The final of the three concepts to consider is Risk Management.
Risk Management is an often-misunderstood technique. People see it as negative, looking for problems … when in fact that is only half the story.
Let’s start at the simplest level … what is a risk?
In Risk Management terms, a Risk is a ‘deviation from the expected’ … or in other words, something happening other than what you predicted. Note the language here isn’t negative … things could be worse than expected, but they could also be better than expected and still fall into our definition of ‘risk’.
That’s a very important point to note. Risk Management includes opportunities too. So, when we talk about Risk Management, what we’re actually looking for is risks and opportunities equally.
Risk Management as a technique is where we start to look at what could have a different outcome to what we expect, and how we could try to influence either the likelihood or the impact of that event taking place.
Think of a very simple example. Imagine your business sells cupcakes. You plan to sell 50 cupcakes a day. Now think of these two potential deviations:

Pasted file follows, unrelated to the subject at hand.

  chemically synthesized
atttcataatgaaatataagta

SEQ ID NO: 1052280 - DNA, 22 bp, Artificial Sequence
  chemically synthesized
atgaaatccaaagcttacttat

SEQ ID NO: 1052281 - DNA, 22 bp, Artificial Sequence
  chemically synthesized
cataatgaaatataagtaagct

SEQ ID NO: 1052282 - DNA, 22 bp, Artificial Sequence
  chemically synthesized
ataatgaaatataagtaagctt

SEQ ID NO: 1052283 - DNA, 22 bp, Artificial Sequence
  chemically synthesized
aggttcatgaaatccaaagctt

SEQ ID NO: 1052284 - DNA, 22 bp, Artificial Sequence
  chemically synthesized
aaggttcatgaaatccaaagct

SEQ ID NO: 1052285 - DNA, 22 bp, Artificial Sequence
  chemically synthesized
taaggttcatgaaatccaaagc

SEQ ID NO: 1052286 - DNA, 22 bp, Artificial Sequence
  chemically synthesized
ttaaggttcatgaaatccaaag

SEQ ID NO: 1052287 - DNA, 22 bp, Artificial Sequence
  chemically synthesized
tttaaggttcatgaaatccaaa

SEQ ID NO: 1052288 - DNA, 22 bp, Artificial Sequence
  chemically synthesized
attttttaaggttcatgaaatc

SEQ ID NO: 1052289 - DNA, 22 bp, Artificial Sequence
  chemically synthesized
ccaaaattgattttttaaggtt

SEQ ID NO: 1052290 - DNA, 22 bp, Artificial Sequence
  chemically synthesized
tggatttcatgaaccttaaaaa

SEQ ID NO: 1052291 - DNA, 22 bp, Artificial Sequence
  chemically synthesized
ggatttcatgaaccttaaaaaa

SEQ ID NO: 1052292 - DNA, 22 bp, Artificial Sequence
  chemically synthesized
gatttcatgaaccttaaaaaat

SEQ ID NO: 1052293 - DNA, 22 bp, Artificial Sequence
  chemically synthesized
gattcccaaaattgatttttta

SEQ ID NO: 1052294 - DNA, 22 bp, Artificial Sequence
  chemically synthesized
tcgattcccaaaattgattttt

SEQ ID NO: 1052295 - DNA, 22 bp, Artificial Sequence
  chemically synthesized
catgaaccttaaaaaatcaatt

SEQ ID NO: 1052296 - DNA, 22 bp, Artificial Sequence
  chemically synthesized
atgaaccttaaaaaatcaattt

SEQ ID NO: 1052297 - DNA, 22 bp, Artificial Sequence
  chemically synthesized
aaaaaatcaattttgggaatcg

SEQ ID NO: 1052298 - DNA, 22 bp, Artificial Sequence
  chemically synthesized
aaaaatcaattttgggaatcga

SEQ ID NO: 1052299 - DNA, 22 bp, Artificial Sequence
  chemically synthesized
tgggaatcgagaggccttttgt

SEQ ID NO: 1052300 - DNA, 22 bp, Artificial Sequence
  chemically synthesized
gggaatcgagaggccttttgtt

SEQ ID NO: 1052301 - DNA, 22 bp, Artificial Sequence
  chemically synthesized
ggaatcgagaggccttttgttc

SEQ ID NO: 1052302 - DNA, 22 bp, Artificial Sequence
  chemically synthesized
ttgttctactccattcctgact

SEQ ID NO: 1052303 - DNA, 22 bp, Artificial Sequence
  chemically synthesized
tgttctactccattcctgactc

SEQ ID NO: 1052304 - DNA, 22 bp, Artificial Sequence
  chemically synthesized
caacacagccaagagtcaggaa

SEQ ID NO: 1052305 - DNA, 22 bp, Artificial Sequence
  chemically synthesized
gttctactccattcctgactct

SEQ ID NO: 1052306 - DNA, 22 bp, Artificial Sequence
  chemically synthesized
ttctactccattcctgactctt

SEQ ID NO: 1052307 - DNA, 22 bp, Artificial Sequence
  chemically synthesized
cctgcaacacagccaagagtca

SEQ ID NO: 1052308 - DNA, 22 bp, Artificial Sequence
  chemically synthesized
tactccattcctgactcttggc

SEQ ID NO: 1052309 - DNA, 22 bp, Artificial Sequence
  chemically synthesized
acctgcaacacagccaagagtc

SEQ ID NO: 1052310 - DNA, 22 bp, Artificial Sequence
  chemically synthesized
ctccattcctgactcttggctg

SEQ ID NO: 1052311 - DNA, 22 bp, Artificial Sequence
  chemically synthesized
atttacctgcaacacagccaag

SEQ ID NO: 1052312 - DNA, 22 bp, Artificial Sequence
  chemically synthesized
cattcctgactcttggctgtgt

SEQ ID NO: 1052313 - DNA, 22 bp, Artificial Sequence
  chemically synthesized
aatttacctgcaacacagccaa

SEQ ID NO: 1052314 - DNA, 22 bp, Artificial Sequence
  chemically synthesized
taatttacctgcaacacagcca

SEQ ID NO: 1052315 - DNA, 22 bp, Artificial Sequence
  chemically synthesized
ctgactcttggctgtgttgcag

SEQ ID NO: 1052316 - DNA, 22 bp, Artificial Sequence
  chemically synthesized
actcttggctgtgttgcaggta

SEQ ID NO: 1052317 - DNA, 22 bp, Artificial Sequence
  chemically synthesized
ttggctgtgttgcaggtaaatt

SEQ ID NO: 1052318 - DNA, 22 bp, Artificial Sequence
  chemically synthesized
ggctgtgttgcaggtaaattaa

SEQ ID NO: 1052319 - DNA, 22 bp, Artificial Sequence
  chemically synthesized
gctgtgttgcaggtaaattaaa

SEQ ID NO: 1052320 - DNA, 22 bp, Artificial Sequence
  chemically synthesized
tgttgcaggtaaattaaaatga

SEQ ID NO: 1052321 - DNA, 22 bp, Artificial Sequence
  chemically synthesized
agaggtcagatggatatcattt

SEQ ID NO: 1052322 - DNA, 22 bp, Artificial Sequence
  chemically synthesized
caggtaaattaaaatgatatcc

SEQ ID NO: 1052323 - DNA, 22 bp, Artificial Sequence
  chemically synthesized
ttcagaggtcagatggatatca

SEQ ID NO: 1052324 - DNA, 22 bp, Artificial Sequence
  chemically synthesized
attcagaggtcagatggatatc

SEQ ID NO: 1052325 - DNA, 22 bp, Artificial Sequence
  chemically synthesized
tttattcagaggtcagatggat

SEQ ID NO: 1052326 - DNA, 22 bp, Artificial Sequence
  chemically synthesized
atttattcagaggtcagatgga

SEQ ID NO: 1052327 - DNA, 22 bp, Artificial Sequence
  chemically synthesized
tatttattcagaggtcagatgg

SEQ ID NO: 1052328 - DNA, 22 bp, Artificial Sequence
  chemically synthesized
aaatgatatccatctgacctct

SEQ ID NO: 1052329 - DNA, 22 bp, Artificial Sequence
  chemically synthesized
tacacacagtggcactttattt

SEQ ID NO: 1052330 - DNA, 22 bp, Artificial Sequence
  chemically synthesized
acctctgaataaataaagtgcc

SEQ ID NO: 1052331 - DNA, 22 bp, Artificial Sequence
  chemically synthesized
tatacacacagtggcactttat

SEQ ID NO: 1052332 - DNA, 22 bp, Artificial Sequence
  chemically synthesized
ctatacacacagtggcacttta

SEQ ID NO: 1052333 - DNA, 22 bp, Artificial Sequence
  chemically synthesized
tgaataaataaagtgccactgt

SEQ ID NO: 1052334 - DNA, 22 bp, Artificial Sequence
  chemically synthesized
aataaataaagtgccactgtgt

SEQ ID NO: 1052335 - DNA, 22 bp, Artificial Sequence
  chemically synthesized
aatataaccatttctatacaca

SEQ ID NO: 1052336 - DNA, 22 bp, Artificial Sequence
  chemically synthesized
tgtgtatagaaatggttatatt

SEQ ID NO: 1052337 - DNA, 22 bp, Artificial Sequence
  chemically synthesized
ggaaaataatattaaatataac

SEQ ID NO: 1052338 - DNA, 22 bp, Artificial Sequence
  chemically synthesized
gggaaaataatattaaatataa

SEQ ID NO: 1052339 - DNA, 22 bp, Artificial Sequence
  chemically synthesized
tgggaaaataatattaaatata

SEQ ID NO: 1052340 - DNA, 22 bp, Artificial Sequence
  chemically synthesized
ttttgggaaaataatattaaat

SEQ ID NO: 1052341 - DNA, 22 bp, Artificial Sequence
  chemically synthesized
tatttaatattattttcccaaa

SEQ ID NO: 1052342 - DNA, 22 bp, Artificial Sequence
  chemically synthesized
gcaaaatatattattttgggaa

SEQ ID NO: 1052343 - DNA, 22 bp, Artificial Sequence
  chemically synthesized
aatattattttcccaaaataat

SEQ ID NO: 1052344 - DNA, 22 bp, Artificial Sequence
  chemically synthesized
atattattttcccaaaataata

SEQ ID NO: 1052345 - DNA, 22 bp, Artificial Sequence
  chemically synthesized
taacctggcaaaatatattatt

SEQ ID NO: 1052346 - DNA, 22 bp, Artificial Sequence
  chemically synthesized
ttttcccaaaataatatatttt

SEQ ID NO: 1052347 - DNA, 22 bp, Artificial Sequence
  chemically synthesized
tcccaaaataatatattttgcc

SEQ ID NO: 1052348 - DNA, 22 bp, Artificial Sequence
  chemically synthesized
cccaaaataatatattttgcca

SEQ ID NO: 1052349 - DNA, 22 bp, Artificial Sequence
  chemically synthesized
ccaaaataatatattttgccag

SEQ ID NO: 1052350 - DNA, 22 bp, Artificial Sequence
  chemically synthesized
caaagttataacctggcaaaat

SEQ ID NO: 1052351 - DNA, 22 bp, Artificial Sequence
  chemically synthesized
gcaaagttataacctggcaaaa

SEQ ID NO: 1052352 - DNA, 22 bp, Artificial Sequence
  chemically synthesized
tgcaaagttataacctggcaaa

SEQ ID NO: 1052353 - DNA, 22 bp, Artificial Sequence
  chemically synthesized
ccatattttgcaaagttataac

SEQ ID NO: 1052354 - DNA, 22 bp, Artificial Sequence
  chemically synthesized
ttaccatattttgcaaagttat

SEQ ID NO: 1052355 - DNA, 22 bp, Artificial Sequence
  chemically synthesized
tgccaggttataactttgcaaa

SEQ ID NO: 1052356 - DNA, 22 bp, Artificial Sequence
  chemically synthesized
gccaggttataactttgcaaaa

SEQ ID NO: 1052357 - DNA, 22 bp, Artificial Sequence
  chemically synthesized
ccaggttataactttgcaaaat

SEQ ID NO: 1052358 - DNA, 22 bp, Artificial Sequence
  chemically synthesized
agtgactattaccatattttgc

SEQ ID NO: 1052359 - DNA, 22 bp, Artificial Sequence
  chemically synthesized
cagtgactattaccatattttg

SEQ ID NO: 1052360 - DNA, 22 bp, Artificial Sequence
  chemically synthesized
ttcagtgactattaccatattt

So, how could you handle these in a more formal Risk Management way?
There are several things to consider for each potential deviation:
We can now start breaking down our two deviations. Let’s consider the first deviation:
Let’s consider our second deviation:
I chose these two deviations deliberately as they’re both deviations on the same area, demand vs supply. When you perform a risk analysis, don’t forget to consider what could happen on both ends of the spectrum for each area.
It’s worth noting that in a real-world example, you would try not to use ‘high/medium/low’ for assessing likelihood, impact and cost, but would use actual percentages and costs. The advantage of this is you can properly assess whether the expenditure of an action is justified by a corresponding reduction in other costs. An action that costs £1,000 but saves ten times that amount within a year is clearly worth it. An action that costs £1,000 but saves £100 a year is more of a debate depending on the industry. If an identified action does not change the impact or likelihood in a measurable way, question if it’s the best action to take … there may be better ones
We can use a Risk Management table to summarise these actions:
|Deviation||Impact||Likelihood||Action||Cost||Adjusted Impact||Adjusted Likelihood|
|Wasted stock at end of day||Medium||Low||Increase marketing||Medium||Medium||Low|
|Wasted stock at end of day||Medium||Low||Reduce production||Zero||Medium||Low|
|Run out of stock before end of day||Medium/High||Low/ Medium||Discount offer||Low/ Medium||Low||Low|
|Run out of stock before end of day||Medium/High||Low/ Medium||Pre-book batches||Zero||Low||Low|